This means that by the time all the fancy new cable has been laid to connect homes directly to fibre optic broadband (which is likely to be some point in the next decade), it will already be hopelessly unable to cope with the speeds that other technology will be capable of. And the only way to bring it up to date is spend another decade re-laying newer cable, only for the cycle to begin again.

Wireless technology does not suffer from the same problems as FTTP. The wireless transmitters that broadcast the broadband signal to your home are roughly the size of a packet of sugar and set on top of a mast, similar to mobile phone towers. The billions of pounds being invested in wireless technology means it is improving at an incredible rate, so whenever faster broadband becomes possible, it’s simply a matter of swapping out the transmitters for an updated version. No digging, no waiting, just the fastest broadband that modern technology can achieve, beamed directly to your home.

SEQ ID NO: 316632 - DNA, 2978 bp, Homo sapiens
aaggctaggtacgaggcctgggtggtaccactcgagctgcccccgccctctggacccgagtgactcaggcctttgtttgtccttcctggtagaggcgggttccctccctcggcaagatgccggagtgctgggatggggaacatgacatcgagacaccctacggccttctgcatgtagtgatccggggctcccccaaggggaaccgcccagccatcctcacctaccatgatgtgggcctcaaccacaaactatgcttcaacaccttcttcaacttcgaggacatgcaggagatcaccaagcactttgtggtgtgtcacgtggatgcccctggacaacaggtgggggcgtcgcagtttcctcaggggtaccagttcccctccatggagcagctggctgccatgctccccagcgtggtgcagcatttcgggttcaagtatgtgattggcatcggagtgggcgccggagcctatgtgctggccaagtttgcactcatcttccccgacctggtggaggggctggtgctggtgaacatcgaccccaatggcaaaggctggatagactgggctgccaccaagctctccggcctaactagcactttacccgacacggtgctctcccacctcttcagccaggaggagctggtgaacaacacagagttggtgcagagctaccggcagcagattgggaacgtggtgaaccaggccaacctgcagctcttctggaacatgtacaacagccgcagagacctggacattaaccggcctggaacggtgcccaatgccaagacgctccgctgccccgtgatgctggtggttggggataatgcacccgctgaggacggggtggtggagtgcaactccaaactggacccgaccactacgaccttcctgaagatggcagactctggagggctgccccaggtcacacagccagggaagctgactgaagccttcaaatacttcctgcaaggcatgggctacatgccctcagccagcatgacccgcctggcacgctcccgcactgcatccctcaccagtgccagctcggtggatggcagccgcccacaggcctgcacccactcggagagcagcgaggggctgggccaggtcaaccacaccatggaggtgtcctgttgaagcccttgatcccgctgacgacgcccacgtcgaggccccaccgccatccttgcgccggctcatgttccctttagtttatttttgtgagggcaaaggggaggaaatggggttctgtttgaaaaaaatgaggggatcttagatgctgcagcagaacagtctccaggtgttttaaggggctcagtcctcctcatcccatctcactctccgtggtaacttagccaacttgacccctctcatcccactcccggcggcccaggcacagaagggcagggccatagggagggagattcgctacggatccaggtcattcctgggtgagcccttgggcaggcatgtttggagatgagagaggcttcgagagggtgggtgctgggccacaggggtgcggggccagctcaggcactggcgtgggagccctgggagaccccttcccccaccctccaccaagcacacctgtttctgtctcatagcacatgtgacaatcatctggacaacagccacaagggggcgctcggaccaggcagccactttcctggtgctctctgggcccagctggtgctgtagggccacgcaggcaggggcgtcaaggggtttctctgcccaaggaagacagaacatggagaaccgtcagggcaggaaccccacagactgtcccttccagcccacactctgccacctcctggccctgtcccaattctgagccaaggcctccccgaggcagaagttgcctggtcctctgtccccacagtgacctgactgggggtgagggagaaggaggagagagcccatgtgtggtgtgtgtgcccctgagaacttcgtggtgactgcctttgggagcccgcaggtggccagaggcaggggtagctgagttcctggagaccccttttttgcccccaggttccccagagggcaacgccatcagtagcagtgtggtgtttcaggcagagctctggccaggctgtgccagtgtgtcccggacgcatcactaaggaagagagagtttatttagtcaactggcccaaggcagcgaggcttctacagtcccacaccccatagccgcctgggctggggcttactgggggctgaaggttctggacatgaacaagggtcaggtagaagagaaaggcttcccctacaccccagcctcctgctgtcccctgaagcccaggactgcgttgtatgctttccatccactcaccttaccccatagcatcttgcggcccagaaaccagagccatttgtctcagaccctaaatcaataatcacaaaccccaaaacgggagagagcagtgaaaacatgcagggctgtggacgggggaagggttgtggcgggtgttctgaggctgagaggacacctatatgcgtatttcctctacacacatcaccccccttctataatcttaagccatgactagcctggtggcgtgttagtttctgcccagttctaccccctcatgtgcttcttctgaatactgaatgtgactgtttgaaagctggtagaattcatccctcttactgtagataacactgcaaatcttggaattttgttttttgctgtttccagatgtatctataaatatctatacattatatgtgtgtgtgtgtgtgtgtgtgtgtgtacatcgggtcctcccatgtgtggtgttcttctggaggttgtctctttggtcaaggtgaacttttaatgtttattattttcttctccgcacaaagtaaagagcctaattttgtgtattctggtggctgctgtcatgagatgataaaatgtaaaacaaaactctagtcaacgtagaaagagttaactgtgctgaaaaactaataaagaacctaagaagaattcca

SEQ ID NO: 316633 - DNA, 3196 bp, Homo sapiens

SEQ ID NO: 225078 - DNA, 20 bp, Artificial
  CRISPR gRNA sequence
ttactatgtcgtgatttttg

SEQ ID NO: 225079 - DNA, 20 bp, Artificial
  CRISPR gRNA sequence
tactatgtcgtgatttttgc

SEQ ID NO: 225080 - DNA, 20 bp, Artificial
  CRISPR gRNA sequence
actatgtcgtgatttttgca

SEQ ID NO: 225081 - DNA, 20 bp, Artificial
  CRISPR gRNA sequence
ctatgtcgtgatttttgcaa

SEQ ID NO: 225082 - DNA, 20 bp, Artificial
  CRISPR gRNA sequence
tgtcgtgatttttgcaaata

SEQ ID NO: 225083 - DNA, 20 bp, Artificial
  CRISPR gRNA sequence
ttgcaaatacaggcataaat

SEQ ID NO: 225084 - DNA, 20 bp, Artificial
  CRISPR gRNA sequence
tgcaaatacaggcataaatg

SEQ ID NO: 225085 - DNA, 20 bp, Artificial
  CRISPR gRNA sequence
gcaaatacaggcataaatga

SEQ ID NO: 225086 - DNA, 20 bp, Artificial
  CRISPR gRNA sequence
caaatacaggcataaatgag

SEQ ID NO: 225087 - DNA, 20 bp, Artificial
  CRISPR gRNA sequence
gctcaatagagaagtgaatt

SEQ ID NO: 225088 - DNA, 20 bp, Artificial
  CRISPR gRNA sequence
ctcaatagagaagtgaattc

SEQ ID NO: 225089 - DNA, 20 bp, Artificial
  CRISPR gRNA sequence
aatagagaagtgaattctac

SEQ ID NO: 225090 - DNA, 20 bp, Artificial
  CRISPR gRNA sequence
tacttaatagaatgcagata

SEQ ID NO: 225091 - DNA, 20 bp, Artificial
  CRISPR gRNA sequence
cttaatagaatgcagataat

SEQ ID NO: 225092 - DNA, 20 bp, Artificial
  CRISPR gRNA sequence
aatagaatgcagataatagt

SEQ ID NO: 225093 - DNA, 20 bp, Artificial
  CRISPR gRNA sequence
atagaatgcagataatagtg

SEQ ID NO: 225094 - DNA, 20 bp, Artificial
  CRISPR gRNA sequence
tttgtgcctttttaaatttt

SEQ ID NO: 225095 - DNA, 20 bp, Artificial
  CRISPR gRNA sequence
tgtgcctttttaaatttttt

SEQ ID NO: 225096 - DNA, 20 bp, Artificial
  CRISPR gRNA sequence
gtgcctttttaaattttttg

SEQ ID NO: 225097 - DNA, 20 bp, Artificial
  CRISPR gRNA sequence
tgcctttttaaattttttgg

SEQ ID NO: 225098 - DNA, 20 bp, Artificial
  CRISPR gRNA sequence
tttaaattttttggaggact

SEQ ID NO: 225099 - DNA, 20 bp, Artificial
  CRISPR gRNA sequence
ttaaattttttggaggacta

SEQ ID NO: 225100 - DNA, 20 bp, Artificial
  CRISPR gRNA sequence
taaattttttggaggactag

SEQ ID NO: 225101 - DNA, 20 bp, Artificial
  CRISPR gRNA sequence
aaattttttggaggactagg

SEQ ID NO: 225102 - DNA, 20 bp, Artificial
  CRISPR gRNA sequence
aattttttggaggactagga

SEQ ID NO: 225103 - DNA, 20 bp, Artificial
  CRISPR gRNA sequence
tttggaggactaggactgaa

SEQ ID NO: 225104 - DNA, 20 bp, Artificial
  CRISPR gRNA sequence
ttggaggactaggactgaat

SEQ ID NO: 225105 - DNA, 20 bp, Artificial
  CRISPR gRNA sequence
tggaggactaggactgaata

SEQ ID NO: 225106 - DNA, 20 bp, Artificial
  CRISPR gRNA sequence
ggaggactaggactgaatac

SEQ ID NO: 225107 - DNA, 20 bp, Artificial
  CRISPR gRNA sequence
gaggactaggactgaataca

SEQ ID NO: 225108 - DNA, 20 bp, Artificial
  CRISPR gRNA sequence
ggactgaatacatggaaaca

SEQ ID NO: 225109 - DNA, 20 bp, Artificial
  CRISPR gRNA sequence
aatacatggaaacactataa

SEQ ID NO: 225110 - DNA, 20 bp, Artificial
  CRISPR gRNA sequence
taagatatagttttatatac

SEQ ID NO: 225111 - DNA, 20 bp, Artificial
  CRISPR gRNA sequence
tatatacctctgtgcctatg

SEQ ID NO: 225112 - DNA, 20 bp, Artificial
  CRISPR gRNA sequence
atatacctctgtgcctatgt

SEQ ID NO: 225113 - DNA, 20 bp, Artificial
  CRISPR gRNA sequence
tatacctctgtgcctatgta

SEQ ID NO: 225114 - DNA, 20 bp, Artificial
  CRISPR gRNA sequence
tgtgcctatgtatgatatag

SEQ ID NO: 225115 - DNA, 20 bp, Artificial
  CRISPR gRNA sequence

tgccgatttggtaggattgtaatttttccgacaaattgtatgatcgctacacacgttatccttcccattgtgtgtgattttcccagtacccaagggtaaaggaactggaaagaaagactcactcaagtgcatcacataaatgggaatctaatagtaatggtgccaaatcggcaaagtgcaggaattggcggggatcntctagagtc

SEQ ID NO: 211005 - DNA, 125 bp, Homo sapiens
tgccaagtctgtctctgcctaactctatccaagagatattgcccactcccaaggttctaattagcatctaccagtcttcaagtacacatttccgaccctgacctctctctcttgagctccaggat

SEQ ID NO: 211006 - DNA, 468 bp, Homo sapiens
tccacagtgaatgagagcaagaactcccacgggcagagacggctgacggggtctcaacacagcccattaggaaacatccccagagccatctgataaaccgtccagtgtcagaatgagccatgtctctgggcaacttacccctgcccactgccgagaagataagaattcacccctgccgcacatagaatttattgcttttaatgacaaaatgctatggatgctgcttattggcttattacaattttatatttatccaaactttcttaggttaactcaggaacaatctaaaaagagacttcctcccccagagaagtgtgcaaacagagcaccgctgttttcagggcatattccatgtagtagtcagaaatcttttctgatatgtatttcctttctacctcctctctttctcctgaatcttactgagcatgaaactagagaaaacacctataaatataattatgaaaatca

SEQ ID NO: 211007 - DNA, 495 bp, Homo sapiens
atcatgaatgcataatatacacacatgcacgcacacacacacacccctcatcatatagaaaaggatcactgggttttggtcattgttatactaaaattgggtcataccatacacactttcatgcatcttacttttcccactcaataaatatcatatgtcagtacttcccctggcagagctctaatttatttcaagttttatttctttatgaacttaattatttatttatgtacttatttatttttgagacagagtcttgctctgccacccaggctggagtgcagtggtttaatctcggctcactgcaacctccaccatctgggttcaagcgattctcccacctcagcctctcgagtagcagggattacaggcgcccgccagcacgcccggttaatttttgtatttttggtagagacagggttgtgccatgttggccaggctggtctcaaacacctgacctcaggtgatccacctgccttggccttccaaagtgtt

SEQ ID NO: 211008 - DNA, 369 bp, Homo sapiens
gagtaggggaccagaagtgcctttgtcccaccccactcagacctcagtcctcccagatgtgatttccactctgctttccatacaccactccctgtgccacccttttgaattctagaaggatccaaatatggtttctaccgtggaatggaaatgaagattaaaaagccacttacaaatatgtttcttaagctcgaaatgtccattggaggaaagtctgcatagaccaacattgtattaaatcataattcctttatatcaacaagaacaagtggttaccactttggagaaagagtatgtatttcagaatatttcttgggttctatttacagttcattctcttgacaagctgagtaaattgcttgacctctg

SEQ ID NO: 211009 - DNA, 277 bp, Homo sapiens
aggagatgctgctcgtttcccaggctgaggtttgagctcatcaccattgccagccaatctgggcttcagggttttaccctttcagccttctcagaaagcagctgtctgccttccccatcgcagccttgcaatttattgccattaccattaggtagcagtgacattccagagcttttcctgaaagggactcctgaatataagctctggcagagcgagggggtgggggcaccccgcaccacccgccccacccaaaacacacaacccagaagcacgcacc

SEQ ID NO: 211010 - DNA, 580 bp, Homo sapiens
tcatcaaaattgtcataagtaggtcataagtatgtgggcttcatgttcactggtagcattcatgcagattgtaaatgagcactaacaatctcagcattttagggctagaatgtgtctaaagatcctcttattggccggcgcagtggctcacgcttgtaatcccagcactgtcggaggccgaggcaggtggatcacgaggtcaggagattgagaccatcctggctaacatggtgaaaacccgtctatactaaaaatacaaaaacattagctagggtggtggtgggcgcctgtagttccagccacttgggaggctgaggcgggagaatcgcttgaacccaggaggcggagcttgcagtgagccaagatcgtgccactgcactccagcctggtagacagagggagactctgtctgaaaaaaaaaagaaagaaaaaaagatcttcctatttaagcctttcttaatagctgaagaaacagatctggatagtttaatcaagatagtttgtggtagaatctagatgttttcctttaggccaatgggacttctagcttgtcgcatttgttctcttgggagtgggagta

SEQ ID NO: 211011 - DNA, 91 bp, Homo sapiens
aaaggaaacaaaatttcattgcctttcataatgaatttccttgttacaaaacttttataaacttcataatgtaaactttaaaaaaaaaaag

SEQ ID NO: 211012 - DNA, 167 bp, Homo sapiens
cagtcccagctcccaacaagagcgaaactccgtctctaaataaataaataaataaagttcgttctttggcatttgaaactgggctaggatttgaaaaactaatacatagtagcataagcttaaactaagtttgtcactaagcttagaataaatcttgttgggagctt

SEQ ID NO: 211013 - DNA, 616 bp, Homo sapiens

Fibre optic broadband availability is a real pain

If you don’t have FTTP yet, connecting your town means putting cables into the ground to connect every house in every street. That involves a LOT of closed roads, detours, noise, and the hassle of trying to get in and out of your house while dodging workmen, trenches, vans and equipment for months on end. It’s all the fun of your morning traffic jam, extended to the rest of your daytime, leisure time and down time. Plus, with the added bonus of a carbon footprint that would make a low-budget airline blush.